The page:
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Ken Lynch plays against type in this episode, playing the owner of a large electronics firm. Mr. Lynch almost always played a cop, detective, FBI agent, or some other tough guy. Submitted by PaulDrake 33. 2 September 2009.
+ I am suspicious from the start of any Ken Lynch character appearing in PM, stemming from his brutal beating of Bishop Mallory in TCOT Stuttering Bishop. True to form, he shows poor ethics in this outing as well, trying -- in vain -- to cheat his partner out of the value he added to the business. JohnK. 1 October 2015
In Robert Hayden's office, Perry actually takes two puffs from the cigarette Mr. Hayden used the machine to light. Perry usually only lights cigarettes without smoking them. jfh 06Dec2017.
Other than some decorative scorch marks, Frazer's lab doesn't seem to have suffered much fire damage. Rather careless of Perry to leave his balcony door not just unlocked, but partly open. Since there doesn’t appear to be any glass in the doors, anyway, it probably doesn’t much matter. DOD 08/29/18
Buick Survey. 1959 and 1960 Buicks appear in half of the episodes of Season 3 (13 of the 26 Episode#s 70-95 or, if you wish, in 14 of the 28 Episode#s 70-97):
In each of the model-years 1959 and 1960, Buick produced a bewildering array of at least 17 distinct Models resulting from the available combinations of six Body Styles with the four Model Lines. Read more at Seventy Years of Buick by George H. Dammann, pp 263-272. The identifications above are based on the aggregate of the 24 appearances across the season; for many of the individual appearances, there is not enough seen in the single episode to make such positive identifications. Nor are Lic No's always seen. I do believe that there actually was this small number of cars used, that there was a business relationship between Buick and Paisano/CBS and that these cars were routinely stabled on the lot at 1040 Las Palmas. Added by Gary Woloski 9/12/12.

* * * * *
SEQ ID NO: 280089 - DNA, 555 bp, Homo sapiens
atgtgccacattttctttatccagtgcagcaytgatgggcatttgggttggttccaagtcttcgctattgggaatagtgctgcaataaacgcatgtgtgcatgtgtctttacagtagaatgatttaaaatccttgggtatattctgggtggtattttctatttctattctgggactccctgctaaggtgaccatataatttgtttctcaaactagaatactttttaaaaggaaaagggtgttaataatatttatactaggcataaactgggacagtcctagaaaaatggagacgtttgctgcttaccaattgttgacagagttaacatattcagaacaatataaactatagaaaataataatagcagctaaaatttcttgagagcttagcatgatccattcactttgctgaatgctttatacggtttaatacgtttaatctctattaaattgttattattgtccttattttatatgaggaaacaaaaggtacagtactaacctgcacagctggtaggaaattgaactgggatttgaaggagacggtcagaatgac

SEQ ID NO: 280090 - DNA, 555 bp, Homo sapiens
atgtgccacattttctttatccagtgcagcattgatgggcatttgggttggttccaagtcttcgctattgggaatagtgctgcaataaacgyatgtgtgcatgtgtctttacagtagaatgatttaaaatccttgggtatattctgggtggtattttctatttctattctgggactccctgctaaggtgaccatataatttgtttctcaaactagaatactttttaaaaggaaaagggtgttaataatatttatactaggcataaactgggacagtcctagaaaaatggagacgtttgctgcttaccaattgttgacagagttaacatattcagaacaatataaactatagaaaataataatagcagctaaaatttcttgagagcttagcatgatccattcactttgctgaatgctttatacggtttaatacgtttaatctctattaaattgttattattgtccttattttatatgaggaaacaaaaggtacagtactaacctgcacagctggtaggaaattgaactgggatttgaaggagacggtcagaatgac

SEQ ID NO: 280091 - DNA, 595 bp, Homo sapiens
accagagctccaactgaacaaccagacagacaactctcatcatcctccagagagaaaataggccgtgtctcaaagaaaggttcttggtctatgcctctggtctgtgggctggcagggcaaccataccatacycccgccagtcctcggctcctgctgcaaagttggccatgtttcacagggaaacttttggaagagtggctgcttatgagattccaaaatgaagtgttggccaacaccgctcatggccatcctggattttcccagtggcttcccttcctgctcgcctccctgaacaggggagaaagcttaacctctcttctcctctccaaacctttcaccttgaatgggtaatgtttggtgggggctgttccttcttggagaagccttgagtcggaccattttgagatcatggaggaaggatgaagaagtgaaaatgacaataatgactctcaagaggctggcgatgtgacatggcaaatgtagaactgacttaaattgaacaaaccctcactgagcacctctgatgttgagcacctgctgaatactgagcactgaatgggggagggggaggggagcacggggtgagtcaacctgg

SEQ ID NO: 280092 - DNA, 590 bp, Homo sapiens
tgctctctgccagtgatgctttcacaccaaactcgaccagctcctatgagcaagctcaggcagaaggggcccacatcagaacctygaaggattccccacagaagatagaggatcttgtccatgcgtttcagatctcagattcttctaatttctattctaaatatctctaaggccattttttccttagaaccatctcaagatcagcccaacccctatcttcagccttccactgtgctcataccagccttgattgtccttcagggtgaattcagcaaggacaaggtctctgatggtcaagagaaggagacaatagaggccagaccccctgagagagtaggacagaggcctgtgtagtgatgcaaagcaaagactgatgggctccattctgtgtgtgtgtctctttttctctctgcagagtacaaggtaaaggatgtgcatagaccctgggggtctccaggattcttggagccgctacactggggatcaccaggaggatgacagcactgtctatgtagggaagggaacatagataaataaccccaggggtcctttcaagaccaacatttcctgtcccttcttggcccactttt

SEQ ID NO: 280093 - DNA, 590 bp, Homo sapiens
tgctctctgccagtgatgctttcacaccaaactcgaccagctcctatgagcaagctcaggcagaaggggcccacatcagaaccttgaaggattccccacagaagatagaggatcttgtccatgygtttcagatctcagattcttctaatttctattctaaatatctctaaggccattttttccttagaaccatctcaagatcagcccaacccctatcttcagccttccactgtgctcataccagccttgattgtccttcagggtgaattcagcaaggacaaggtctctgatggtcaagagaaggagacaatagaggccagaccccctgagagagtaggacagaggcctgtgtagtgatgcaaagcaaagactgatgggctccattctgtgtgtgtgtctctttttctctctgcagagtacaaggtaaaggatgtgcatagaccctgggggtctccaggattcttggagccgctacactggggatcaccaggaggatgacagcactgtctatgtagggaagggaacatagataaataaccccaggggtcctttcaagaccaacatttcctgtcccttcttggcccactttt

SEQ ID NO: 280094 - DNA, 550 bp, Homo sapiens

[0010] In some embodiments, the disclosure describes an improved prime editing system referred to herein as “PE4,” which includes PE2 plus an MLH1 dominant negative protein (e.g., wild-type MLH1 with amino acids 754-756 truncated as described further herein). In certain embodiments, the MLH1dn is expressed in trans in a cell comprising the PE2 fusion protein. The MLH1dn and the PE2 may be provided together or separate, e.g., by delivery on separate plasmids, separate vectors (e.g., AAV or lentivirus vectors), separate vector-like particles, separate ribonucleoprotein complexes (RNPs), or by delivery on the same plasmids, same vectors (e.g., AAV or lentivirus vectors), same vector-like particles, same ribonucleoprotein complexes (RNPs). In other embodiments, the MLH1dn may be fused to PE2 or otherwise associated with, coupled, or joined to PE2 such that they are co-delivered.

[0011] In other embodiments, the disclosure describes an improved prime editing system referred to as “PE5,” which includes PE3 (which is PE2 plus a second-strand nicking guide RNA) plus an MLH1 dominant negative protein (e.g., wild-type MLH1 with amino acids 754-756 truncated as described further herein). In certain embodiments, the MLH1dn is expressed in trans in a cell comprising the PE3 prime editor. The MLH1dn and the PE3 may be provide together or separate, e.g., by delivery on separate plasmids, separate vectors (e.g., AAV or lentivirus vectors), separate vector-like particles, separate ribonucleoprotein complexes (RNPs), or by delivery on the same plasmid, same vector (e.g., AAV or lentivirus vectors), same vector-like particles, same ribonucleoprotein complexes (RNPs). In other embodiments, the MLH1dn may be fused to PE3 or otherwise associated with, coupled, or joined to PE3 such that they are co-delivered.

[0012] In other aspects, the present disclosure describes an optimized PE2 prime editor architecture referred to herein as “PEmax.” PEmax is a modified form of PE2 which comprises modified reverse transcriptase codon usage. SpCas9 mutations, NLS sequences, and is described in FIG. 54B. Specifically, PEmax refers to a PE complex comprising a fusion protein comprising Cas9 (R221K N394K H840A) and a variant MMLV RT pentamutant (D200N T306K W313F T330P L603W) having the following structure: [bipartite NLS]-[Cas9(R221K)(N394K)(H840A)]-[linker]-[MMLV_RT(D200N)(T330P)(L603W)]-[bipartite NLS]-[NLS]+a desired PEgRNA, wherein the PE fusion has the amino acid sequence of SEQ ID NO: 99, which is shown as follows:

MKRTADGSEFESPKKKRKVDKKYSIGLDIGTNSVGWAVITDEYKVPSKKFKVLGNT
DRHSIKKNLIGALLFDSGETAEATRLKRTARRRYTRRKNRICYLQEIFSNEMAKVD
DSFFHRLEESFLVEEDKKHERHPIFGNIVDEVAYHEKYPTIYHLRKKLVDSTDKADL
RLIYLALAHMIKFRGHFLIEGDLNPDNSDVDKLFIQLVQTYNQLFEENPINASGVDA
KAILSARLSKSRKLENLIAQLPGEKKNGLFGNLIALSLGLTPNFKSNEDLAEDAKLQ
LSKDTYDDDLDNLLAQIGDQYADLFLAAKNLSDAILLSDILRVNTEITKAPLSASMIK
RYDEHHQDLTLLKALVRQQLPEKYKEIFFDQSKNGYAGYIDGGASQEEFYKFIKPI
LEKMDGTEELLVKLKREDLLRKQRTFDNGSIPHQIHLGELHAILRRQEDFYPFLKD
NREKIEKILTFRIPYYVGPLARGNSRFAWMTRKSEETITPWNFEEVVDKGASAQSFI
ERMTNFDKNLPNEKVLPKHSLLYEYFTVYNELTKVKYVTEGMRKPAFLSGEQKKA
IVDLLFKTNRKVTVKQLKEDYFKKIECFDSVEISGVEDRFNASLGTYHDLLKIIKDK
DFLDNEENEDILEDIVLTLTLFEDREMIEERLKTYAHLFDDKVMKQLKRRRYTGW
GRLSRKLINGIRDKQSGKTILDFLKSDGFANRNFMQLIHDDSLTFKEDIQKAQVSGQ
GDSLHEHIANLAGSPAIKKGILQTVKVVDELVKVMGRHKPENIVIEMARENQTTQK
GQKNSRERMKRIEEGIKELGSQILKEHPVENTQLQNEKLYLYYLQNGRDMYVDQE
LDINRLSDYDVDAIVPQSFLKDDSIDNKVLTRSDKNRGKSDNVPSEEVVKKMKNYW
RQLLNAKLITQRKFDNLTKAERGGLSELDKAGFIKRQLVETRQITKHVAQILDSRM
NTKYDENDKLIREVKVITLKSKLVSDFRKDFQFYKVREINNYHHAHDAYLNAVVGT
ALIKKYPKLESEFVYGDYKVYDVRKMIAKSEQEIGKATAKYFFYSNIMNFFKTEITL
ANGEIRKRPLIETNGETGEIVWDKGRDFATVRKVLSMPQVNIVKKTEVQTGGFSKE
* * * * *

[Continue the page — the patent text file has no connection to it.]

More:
+ CAR BUSINESS. For a comprehensive account of the "Business" factors involved in provision of vehicles by an auto manufacturer to a TV production company see the excellent article The Cars on CAR 54, WHERE ARE YOU? by Martin Grams. Also of interest is Martin's opening discussion about the actual paint colors on "Car 54" and real NYPD cruisers. Compare the actual Car 54 in color, B&W and real NYPD cars in color, B&W. Out West in Perry Mason California, things were somewhat simpler since the "Police Black & Whites" seen on the TV screen were still B&W in full color (but, before 1963, their "white" license plates were really yellow). Gary Woloski, 7/6/17.